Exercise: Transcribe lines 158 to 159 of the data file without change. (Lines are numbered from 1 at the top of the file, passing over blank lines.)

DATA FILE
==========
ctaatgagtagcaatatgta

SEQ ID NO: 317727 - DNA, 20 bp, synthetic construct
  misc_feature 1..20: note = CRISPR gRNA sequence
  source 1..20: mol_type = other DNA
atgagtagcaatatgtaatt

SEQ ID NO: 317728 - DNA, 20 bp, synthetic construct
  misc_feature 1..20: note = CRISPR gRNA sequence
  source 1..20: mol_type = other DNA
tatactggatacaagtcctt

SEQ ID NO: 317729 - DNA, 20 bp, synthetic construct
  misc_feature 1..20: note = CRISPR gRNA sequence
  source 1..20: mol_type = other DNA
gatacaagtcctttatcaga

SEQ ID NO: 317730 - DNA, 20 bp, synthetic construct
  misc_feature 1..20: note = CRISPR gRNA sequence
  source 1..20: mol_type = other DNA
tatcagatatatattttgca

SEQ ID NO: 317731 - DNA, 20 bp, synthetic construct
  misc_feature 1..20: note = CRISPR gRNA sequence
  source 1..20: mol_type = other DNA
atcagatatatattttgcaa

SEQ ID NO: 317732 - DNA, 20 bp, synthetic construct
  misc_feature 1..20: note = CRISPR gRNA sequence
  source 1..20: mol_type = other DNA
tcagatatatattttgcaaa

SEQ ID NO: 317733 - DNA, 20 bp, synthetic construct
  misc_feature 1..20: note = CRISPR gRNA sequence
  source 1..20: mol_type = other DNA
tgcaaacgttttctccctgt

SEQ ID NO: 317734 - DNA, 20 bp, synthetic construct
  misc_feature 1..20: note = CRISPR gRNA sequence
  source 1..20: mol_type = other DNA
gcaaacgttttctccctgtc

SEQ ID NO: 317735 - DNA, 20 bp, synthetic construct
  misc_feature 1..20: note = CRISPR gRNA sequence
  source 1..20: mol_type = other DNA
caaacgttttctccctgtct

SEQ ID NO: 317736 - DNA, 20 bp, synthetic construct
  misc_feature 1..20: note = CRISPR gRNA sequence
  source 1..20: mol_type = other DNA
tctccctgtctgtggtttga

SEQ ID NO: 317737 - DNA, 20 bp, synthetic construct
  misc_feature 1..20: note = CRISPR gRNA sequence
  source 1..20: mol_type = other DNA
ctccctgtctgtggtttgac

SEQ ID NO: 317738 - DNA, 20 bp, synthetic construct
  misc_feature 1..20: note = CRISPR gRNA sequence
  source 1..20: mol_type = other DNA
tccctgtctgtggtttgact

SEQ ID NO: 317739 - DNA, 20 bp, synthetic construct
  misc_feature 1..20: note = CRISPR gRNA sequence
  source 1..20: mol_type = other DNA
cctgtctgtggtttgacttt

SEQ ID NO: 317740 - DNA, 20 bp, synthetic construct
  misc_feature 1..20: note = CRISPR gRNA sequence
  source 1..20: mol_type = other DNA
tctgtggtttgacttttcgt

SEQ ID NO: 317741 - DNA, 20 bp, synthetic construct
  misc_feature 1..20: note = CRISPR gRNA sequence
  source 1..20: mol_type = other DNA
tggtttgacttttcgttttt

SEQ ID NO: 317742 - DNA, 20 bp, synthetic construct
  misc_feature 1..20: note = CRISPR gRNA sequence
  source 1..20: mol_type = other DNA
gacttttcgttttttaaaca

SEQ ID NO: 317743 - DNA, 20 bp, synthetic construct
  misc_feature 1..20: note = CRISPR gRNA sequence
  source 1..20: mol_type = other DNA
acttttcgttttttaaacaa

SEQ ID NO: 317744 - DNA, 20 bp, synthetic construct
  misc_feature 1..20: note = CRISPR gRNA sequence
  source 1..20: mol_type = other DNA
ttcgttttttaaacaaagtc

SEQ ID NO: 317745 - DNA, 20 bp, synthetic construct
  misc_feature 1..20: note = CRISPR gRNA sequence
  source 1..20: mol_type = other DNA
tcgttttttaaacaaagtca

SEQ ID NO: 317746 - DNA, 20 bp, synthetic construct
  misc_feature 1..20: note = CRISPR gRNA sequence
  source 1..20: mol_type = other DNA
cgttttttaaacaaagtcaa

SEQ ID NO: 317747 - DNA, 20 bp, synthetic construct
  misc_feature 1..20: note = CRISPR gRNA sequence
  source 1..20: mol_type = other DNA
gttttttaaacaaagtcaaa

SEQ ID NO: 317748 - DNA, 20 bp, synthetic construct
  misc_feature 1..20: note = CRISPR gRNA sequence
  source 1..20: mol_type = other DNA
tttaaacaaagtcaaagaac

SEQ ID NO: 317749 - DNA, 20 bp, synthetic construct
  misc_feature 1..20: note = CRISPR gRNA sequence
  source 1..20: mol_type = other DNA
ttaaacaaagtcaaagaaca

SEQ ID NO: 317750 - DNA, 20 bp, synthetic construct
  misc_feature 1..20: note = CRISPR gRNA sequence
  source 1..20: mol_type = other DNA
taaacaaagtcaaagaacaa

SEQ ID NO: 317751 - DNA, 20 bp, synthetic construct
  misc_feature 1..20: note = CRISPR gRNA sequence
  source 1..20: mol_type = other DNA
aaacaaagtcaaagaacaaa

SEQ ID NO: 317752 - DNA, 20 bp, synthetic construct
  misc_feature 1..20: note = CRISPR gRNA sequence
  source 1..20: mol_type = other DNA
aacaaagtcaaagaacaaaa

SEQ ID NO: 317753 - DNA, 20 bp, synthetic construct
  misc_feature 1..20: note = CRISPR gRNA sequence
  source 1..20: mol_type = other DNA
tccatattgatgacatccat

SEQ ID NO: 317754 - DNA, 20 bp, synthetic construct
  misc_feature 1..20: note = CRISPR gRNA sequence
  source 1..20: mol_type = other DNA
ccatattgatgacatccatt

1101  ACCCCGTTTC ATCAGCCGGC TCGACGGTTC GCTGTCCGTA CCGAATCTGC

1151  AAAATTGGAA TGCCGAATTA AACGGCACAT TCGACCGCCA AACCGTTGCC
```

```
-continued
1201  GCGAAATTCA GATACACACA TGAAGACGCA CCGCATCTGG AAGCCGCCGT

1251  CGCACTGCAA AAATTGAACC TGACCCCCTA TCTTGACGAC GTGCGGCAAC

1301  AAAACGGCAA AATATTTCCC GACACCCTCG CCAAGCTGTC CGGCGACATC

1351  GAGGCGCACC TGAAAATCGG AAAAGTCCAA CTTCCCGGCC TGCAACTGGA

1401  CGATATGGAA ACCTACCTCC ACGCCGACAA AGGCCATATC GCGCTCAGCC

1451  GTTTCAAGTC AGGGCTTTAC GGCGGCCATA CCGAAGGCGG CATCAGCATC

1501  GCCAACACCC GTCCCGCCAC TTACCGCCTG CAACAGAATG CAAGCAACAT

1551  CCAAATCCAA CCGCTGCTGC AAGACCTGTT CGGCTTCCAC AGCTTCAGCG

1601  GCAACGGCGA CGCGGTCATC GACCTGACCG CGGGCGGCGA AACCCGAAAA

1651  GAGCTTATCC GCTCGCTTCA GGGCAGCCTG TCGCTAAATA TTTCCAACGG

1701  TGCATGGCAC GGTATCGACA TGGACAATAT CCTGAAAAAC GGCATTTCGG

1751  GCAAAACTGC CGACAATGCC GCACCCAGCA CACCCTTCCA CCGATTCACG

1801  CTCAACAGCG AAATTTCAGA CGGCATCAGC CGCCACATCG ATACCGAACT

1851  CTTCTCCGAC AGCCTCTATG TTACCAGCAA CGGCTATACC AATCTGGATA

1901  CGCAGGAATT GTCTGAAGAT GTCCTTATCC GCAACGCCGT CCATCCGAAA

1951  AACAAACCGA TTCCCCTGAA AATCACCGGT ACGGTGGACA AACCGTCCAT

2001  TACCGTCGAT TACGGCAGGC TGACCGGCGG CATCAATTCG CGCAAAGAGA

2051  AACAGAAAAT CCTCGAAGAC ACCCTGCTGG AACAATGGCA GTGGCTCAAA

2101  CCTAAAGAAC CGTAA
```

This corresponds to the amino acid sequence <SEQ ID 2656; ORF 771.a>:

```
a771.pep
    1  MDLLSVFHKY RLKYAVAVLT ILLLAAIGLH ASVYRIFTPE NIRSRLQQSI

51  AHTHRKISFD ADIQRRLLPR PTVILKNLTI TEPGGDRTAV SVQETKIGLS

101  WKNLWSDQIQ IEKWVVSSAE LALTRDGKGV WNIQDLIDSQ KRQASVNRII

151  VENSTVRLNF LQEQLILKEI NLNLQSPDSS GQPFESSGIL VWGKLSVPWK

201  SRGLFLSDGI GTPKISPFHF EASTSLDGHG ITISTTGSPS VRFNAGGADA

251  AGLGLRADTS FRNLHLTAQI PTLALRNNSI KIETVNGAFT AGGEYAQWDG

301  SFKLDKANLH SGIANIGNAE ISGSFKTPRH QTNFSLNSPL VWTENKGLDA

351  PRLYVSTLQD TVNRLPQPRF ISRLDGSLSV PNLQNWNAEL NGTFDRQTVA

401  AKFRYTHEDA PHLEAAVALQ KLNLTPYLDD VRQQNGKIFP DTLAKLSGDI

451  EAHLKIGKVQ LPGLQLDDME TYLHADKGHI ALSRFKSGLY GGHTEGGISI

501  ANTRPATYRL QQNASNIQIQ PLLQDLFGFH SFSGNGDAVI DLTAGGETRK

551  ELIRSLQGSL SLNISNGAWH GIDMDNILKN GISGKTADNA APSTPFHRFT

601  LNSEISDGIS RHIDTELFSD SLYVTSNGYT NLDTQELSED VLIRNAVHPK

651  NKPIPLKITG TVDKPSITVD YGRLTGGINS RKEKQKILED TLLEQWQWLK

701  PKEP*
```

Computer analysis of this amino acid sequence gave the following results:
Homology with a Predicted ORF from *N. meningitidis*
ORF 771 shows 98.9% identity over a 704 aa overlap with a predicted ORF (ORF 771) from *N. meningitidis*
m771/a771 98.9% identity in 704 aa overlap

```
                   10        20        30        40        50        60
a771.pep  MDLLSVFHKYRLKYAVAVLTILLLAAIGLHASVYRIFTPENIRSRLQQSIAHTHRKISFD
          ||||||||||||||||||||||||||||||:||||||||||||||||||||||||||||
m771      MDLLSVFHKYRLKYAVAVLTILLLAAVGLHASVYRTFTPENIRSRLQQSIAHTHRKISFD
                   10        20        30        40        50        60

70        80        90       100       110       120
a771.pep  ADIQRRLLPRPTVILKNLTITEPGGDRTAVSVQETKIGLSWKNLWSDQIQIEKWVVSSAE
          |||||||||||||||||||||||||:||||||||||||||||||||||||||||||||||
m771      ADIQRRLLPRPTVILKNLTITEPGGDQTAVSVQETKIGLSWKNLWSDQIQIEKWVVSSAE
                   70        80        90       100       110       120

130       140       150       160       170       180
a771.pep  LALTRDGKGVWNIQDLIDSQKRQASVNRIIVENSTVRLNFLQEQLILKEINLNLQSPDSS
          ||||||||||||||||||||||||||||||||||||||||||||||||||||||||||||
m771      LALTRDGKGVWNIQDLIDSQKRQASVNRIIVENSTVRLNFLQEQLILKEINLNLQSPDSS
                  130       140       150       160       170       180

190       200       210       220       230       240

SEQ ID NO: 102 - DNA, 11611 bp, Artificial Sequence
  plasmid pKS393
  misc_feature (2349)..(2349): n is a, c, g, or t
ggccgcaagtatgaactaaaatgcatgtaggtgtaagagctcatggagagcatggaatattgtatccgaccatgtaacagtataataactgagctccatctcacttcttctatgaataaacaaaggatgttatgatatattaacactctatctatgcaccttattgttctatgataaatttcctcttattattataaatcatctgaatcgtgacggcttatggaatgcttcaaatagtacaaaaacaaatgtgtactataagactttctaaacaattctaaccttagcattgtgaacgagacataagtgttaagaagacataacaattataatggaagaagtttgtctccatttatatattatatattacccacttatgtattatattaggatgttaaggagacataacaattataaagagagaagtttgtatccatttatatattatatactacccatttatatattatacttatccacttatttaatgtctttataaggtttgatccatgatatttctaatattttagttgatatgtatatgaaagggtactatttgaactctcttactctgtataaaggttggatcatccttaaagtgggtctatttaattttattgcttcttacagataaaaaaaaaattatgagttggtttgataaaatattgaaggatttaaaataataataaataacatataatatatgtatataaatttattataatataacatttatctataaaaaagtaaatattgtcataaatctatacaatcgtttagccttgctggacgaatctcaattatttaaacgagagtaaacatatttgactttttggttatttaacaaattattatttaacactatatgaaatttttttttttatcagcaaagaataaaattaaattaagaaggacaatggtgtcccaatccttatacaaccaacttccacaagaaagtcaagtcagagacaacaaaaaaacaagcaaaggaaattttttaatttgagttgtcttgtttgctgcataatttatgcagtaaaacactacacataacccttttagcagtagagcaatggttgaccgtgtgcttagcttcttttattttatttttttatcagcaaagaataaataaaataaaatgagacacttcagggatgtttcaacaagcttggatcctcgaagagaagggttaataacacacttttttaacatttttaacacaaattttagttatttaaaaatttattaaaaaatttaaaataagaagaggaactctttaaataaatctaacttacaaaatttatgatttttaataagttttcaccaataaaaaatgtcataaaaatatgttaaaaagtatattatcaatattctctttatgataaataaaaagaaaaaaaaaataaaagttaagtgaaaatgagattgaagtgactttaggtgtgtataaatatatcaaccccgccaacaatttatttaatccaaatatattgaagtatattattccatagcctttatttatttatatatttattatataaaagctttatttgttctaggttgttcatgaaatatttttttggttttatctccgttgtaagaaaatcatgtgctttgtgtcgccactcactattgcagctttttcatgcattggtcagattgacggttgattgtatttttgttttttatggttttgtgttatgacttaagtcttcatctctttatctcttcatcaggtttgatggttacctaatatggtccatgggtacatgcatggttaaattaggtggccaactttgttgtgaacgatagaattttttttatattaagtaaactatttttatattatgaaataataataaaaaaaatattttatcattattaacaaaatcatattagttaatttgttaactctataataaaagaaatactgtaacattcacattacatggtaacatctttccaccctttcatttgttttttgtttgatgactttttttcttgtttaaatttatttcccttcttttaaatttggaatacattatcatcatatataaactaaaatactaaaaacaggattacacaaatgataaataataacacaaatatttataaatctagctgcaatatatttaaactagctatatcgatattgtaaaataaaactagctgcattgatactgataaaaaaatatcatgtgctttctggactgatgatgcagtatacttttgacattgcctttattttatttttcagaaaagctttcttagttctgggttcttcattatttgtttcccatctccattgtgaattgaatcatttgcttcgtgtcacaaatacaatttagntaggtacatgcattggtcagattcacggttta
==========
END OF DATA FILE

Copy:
Computer analysis of this amino acid sequence gave the following results:
Homology with a Predicted ORF from *N. meningitidis*